attacks. A typical kit comprises a collection of webpages two quarters of 2016 could potentially give rise to competing
that contain exploits for several vulnerabilities in popular exploit kits, such as HTML/Meadgive o  r JS/NeutrinoEK, later
web browsers and browser add-ons. When the attacker in the year.

2017 Trends in Cybersecurity Extent of exploit kits 15


TREND 7

Most commonly detected objects

While Adobe Flash Player continues


to be the most commonly detected
object on malicious webpages, it has
decreased over the first half of 2016,
while Microsoft Silverlight has climbed
to nearly 30 percent of all detections.

2017 Trends in Cybersecurity Most commonly detected objects 16


ActiveX control detected on malicious webpages through
IExtensionValidation, 3Q15–2Q16, by control type

0 20 40 60 80 100
Adobe Flash

3Q15 Silverlight

Adobe Reader

4Q15 Java

Other

1Q16

2Q16

WHY IT MATTERS
This data tells security teams that attackers shifted their updated. Users should prioritize installing security updates
attacks hosted on malicious web pages from Java to Flash for these applications to help protect against this rising
Player in 2015, and they are increasingly targeting Microsoft threat. Microsoft published Security Bulletins MS15-044 in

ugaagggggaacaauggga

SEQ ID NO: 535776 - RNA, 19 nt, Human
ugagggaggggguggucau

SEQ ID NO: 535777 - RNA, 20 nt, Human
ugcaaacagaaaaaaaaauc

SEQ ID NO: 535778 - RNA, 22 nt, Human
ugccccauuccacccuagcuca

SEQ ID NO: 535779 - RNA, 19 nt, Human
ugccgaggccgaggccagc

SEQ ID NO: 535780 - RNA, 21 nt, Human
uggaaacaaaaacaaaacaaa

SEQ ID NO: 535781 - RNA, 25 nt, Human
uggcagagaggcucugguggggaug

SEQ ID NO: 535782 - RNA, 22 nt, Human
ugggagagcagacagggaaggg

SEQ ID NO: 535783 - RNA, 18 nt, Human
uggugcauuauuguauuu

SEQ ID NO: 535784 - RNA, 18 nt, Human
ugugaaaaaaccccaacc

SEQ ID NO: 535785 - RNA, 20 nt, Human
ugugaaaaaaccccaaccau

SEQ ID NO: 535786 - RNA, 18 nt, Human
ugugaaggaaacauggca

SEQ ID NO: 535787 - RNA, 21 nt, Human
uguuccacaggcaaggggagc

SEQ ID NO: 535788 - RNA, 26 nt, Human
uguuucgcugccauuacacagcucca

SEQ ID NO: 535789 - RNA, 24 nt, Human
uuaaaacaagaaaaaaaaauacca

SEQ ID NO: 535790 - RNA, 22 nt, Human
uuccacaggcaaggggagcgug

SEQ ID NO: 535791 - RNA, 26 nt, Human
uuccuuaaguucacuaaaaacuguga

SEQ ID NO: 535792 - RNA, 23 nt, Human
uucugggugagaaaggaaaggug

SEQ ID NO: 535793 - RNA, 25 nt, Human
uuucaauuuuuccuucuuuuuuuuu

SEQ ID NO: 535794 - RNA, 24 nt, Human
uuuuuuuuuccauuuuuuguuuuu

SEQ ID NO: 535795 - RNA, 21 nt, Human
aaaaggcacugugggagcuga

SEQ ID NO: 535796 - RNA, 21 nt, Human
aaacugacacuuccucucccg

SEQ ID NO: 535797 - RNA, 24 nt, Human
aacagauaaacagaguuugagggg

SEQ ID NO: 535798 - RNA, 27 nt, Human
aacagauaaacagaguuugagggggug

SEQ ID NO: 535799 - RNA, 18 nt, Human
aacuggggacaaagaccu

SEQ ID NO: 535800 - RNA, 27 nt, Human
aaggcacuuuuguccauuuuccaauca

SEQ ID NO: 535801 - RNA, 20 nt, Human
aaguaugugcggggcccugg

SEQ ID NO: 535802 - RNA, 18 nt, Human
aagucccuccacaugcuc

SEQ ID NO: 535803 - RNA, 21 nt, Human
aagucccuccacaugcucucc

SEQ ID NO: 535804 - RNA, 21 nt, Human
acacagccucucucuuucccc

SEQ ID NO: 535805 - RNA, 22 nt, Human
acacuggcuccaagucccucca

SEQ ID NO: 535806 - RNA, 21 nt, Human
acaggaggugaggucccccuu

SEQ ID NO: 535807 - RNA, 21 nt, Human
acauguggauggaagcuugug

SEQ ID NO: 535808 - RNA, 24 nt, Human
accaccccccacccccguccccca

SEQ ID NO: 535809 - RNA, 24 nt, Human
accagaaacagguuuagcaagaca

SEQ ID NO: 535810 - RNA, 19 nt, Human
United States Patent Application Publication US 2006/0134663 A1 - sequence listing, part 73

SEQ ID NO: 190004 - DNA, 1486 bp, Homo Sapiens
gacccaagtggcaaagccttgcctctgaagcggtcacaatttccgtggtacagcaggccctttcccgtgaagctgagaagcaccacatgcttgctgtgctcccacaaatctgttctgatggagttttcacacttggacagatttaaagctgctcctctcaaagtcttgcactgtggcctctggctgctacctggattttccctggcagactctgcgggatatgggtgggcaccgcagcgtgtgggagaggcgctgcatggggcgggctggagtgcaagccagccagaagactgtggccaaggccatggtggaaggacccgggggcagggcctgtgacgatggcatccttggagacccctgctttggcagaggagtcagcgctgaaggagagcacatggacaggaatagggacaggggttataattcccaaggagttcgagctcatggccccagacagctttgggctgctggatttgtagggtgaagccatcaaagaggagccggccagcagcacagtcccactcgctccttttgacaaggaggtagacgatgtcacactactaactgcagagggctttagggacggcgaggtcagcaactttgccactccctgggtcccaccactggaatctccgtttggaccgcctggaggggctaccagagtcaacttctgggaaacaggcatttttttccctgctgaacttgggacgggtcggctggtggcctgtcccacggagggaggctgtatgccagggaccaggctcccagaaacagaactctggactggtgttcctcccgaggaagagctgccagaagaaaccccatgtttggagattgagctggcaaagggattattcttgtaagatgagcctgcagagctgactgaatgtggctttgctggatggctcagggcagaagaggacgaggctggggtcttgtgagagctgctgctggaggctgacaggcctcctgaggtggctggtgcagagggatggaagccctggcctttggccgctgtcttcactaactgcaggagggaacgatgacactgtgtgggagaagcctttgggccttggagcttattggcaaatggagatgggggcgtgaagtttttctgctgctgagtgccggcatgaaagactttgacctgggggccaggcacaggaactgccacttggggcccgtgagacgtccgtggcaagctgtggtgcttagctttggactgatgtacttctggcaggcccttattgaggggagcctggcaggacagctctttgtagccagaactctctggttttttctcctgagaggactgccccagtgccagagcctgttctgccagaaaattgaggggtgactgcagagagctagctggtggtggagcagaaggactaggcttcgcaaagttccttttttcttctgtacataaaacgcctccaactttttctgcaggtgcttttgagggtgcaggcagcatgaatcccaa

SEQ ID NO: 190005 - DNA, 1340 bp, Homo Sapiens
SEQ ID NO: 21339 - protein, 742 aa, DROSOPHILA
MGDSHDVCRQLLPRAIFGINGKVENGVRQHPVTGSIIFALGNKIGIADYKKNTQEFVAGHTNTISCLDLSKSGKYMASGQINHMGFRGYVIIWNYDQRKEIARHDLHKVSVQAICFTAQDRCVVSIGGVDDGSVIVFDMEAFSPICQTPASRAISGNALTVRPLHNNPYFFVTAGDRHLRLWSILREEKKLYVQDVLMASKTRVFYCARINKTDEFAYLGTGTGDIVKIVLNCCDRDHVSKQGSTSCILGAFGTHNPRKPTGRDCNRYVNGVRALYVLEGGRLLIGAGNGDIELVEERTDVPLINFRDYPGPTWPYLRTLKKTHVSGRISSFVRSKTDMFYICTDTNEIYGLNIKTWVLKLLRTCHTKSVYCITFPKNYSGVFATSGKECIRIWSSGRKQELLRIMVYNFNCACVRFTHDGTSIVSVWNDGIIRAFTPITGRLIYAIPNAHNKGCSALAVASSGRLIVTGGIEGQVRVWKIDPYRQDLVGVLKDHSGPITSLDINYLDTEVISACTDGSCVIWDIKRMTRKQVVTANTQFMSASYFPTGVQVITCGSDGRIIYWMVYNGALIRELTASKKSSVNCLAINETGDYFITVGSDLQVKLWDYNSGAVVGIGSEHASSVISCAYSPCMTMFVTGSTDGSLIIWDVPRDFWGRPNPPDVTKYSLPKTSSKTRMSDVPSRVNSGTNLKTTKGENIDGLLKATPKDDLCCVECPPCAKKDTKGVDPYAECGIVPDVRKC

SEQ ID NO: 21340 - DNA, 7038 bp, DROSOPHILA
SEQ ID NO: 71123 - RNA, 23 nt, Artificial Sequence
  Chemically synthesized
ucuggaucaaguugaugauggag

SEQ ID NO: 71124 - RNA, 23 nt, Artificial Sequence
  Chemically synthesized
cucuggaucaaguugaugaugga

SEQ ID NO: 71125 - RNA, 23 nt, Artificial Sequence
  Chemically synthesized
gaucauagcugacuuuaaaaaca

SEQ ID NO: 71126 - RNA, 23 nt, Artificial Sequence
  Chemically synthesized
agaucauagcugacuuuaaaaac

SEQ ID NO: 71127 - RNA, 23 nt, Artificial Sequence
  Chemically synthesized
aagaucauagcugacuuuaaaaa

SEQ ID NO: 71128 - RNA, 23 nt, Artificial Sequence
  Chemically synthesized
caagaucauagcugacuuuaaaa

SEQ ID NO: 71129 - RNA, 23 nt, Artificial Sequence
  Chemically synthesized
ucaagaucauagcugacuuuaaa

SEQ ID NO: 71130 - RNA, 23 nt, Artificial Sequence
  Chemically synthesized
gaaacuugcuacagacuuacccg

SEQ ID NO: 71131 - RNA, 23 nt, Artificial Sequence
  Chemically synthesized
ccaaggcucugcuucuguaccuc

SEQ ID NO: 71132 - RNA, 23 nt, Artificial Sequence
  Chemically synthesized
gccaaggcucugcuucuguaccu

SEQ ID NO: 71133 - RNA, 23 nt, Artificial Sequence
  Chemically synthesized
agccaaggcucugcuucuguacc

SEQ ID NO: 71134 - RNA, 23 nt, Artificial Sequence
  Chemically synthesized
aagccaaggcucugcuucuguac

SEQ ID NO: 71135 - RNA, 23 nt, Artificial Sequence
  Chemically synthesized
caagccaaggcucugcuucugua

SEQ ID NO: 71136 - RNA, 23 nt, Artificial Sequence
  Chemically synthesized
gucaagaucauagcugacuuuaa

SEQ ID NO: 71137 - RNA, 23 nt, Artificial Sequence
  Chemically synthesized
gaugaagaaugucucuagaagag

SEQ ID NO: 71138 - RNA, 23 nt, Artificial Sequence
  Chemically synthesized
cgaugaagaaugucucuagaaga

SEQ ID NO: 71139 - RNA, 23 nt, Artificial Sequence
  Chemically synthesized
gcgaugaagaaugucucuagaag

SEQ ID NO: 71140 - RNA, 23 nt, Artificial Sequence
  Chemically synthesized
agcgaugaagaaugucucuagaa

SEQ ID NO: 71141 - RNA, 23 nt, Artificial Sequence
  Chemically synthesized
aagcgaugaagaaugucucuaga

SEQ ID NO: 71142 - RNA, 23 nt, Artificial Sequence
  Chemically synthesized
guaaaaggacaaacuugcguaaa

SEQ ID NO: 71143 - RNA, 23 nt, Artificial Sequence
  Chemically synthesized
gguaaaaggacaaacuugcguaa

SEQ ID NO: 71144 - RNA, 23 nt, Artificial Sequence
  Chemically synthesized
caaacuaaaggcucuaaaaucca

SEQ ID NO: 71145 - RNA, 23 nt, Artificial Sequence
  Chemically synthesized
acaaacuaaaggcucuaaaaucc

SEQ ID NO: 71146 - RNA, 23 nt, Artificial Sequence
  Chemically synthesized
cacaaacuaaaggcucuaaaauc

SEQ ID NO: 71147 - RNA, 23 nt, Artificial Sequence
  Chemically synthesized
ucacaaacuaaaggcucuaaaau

Silverlight in 2016. Knowing this makes it easier to plan May 2015 and MS16-006 in January 2016, respectively, t o
mitigations for malicious webpages. It also illustrates the address the vulnerabilities.
importance of keeping Adobe Flash Player and Silverlight

2017 Trends in Cybersecurity Most commonly detected objects 17


TREND 8

Global security concerns

The locations with the five highest


malware infection rates in the first half
of 2016 were: Libya, Iraq, Mongolia, the
Palestinian territories, and Oman.

2017 Trends in Cybersecurity Global security concerns 18


Infection rates, by country/region for 2Q16

Percent of computers
encountering malware, 2Q16

40% +

30% to 40%

20% to 30%

10% to 20%

> 0 to 10% Microsoft Security Intelligence Report


http://www.microsoft.com/sir
Insufficient data

Worldwide: 21.2%

WHY IT MATTERS
Malware is unevenly distributed around the world, a  nd social, and political factors influence regional malware
each location has its own mix of threats. By studying the infection rates. This information might help to inform future
areas of the world that are highly impacted with malware public policy that, in turn, could lead to reduced malware
and comparing them to the least-infected parts of the infection rates in highly impacted parts of the world.
world, we can try to discover what technical, economic,

2017 Trends in Cybersecurity Global security concerns 19


TREND 9

Increased Trojan levels

Encounters with Trojans, a prevalent


category of malware that uses social
engineering to trick users, increased by
58.3 percent over the last four quarters
and remained at elevated levels.

2017 Trends in Cybersecurity Increased Trojan levels 20


Encounter rates for significant malware categories

12% Trojans

Worms
10%
Other malware

8% Downloaders & droppers

Exploits
6%
Viruses

Obfuscators & injectors


4%
Backdoor
2% Ransomware

Password stealers &